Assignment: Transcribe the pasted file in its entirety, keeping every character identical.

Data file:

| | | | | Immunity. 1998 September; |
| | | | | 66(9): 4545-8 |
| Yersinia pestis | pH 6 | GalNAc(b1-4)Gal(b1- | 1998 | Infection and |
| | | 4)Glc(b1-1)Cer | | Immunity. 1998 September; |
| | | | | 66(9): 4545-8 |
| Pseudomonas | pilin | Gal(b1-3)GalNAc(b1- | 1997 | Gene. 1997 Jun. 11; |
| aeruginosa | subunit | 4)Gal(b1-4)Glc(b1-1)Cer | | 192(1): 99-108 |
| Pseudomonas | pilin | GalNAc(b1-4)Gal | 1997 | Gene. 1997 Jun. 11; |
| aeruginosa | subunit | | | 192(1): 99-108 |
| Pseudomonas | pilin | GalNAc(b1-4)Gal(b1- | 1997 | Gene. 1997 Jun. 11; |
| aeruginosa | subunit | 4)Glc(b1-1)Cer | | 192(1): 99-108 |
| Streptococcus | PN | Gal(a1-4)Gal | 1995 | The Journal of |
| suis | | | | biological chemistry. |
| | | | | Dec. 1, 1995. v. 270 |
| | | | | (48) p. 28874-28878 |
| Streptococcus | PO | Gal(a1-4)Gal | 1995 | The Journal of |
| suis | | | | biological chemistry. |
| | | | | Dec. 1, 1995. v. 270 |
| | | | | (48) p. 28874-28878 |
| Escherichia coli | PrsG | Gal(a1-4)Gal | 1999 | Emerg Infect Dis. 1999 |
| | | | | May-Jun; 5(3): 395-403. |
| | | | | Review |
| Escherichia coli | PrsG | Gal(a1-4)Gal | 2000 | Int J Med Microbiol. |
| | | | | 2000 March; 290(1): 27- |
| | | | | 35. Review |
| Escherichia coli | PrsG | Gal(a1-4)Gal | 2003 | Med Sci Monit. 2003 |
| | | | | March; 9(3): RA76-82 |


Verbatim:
| | | | | Immunity. 1998 September; |
| | | | | 66(9): 4545-8 |
| Yersinia pestis | pH 6 | GalNAc(b1-4)Gal(b1- | 1998 | Infection and |
| | | 4)Glc(b1-1)Cer | | Immunity. 1998 September; |
| | | | | 66(9): 4545-8 |
| Pseudomonas | pilin | Gal(b1-3)GalNAc(b1- | 1997 | Gene. 1997 Jun. 11; |
| aeruginosa | subunit | 4)Gal(b1-4)Glc(b1-1)Cer | | 192(1): 99-108 |
| Pseudomonas | pilin | GalNAc(b1-4)Gal | 1997 | Gene. 1997 Jun. 11; |
| aeruginosa | subunit | | | 192(1): 99-108 |
| Pseudomonas | pilin | GalNAc(b1-4)Gal(b1- | 1997 | Gene. 1997 Jun. 11; |
| aeruginosa | subunit | 4)Glc(b1-1)Cer | | 192(1): 99-108 |
| Streptococcus | PN | Gal(a1-4)Gal | 1995 | The Journal of |
| suis | | | | biological chemistry. |
| | | | | Dec. 1, 1995. v. 270 |
| | | | | (48) p. 28874-28878 |
| Streptococcus | PO | Gal(a1-4)Gal | 1995 | The Journal of |
| suis | | | | biological chemistry. |
| | | | | Dec. 1, 1995. v. 270 |
| | | | | (48) p. 28874-28878 |
| Escherichia coli | PrsG | Gal(a1-4)Gal | 1999 | Emerg Infect Dis. 1999 |
| | | | | May-Jun; 5(3): 395-403. |
| | | | | Review |
| Escherichia coli | PrsG | Gal(a1-4)Gal | 2000 | Int J Med Microbiol. |
| | | | | 2000 March; 290(1): 27- |
| | | | | 35. Review |
| Escherichia coli | PrsG | Gal(a1-4)Gal | 2003 | Med Sci Monit. 2003 |
| | | | | March; 9(3): RA76-82 |